After we have repented and forgiven our enemies, after we have made space in ourselves for them and left the door open, our will to embrace them must allow the one final, and perhaps the most difficult act to take place, in the process of reconciliation is to be complete. It is the act of forgetting the evil suffered, a certain kind of forgetting I hasten to add. It is a forgetting that assumes that the matters of “truth” and “justice” have been taken care of (see Chapters V and VI), that perpetrators have been named, judged and (hopefully) transformed, that victims are safe and their wounds healed (see Chapter VII), a forgetting that can therefore ultimately take place only together with the creation of “all things new” (p. 131).

    “In a nutshell, my argument is this: since no final redemption is possible without the redemption of the past, and since every attempt to redeem the past through reflection must fail because no theodicy can succeed, the final redemption is unthinkable without a certain kind of forgetting. Put starkly, the alternative is: either heaven or the memory of horror. Either heaven will have no monuments to keep the memory of the horrors alive, or it will be closer to hell than we would like to think. For if heaven cannot rectify Auschwitz, then the memory of Auschwitz must undo the experience of heaven” (p. 135-136).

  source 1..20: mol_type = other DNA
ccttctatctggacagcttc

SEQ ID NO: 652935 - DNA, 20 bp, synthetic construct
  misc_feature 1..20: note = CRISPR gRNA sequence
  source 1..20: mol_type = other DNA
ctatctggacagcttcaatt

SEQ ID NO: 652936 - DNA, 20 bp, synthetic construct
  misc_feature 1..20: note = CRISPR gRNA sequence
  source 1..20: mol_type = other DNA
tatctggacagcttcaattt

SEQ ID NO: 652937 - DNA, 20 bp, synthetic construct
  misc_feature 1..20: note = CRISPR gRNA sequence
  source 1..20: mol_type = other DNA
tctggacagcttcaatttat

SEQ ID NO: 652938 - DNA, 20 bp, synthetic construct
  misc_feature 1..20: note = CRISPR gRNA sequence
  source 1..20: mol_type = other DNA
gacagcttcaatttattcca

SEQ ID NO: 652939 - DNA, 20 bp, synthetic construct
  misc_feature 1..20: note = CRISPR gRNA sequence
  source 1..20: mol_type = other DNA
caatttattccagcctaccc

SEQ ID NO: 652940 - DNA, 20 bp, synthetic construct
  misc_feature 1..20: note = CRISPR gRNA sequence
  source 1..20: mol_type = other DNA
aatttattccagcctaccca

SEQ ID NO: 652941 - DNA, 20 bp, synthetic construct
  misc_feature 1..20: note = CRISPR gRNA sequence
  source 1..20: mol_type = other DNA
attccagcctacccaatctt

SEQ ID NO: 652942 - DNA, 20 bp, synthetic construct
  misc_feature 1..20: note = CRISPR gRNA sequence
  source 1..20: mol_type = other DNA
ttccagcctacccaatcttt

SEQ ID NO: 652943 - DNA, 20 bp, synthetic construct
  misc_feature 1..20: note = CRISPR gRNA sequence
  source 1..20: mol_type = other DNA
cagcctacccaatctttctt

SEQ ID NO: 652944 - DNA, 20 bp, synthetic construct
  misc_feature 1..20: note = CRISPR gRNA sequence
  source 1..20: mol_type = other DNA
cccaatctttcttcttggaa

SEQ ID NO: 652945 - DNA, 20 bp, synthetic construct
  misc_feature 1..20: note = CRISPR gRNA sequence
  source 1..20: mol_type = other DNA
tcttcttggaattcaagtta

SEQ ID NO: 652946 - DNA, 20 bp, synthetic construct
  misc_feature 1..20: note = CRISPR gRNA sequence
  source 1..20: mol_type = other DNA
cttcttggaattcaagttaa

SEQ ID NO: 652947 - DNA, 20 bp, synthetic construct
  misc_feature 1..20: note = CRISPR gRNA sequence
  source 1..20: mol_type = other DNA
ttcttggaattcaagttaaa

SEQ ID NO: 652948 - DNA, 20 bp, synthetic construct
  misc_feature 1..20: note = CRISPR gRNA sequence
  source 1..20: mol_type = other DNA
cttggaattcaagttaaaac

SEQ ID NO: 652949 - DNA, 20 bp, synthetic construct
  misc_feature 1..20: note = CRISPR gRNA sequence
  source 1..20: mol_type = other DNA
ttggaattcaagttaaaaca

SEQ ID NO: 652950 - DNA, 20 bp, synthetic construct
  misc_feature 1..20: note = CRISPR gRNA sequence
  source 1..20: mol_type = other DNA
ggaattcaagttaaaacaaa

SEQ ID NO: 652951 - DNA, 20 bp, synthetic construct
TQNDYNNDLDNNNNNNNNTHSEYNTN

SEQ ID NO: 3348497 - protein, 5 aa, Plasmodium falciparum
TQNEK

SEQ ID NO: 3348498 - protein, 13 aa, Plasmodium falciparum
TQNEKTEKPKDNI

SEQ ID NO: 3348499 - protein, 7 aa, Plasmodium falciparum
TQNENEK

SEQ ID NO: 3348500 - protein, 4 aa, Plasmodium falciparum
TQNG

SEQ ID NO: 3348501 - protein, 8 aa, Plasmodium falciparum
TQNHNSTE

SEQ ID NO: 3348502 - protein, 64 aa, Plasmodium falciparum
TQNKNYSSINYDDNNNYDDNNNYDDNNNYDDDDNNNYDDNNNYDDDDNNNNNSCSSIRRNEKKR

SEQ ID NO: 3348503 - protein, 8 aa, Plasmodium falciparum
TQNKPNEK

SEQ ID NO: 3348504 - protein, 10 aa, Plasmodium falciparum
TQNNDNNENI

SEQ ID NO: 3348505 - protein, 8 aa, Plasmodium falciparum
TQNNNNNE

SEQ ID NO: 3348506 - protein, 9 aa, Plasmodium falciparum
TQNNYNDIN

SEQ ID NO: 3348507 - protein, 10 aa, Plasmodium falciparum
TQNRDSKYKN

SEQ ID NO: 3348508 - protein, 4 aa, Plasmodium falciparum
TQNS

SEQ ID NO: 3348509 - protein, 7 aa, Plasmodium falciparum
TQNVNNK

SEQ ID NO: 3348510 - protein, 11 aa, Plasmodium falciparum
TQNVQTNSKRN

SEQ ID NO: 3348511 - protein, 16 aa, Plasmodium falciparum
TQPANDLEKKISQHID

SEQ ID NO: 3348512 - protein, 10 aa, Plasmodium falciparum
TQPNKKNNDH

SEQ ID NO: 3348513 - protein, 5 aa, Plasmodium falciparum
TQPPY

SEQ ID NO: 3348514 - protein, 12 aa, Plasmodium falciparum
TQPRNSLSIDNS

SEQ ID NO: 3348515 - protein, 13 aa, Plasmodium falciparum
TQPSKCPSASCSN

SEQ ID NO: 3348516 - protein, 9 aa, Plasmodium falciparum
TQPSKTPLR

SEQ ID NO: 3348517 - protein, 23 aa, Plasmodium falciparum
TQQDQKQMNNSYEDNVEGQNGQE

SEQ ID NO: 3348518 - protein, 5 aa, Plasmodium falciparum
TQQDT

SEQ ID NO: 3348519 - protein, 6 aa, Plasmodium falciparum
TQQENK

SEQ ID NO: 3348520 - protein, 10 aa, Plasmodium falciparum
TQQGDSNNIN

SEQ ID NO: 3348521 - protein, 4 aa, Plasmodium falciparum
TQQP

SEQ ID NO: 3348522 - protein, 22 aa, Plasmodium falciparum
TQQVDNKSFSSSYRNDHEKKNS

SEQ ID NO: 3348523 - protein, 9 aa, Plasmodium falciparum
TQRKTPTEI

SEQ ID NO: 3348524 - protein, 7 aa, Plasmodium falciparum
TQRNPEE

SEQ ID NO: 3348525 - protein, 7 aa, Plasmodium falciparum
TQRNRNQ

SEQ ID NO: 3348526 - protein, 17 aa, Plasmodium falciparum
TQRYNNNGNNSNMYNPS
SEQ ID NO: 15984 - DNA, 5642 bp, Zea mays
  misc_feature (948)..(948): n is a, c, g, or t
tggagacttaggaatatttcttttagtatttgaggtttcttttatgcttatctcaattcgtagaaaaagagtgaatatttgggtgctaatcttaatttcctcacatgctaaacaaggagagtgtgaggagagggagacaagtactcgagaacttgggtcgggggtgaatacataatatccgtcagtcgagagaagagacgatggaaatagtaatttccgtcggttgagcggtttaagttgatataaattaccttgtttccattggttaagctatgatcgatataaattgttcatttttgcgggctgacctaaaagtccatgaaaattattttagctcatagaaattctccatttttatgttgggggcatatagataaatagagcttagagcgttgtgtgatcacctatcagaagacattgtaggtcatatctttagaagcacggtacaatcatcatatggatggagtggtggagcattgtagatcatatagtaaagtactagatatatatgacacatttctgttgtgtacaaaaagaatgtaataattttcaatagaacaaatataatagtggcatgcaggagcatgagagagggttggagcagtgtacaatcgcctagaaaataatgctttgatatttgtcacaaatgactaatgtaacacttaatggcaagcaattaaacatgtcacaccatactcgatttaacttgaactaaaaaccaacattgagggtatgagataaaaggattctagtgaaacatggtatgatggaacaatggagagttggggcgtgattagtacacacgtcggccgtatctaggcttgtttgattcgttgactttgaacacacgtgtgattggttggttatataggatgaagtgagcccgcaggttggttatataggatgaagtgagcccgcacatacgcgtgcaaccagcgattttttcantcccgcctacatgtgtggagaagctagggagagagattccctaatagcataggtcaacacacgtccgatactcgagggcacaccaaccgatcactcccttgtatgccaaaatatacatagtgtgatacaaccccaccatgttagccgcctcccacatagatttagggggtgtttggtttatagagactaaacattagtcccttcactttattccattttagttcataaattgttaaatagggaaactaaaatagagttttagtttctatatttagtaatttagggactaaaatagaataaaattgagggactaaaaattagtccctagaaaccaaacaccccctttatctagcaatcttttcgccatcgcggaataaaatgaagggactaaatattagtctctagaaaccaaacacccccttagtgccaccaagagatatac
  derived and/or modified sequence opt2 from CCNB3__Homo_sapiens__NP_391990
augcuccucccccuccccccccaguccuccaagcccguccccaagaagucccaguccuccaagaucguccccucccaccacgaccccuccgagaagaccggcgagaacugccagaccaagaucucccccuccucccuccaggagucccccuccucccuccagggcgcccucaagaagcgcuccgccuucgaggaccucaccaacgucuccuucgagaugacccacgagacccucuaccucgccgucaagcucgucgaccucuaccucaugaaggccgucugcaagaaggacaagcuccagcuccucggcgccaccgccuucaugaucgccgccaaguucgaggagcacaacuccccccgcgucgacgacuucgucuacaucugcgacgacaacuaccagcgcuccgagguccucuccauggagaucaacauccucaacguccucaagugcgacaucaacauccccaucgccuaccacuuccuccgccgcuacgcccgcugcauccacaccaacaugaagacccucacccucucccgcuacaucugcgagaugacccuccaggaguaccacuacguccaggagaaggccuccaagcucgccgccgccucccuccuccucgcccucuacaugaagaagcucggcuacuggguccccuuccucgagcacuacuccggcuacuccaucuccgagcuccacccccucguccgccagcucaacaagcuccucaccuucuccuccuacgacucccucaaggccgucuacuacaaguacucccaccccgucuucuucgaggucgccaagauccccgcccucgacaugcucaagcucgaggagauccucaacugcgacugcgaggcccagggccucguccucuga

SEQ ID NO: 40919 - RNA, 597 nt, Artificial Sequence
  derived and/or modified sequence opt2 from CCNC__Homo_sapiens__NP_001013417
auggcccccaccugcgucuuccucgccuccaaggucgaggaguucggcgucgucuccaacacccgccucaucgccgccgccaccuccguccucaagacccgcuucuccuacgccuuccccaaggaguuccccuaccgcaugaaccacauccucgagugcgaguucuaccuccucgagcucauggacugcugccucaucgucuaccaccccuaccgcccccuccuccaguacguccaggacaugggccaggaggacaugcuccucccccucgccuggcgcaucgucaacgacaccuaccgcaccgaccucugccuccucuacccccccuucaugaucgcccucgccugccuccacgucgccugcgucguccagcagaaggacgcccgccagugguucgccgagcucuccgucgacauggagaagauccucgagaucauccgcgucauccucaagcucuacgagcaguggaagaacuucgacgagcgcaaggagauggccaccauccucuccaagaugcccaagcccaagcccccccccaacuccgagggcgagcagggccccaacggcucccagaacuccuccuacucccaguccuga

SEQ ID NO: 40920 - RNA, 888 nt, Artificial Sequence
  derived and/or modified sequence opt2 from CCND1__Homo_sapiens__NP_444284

“In conclusion, let me return briefly to divine “forgetting” and its relation to human forgetting. How can God forget the wrongdoings of human beings? Because at the center of God’s all-embracing memory there is a paradoxical monument to forgetting. It is the cross of Christ. God forgets humanity’s sins in the same way God forgives humanity’s sin: by taking sins away from humanity and placing them upon God-self [sic]. How will human beings be able to forget the horrors of history? Because at the center of the new world that will emerge after “the first things have passed away” there will stand a throne, and on the throne there will sit the Lamb who has “taken away the sin of the world” and erased their memory (Revelation 22:1-4; John 1:29)” (p. 139-140).

    Thanks be unto God!

  5. DJP says:

    For whatever it’s worth to you, I agree about forgiving the unrepentant. I once did a post called Forgiveness, the Dixie Chicks, Christianity, setting out that thought — and caught some grief about it. The traditional, unexamined position dies hard here, as often.

  6. Greg says: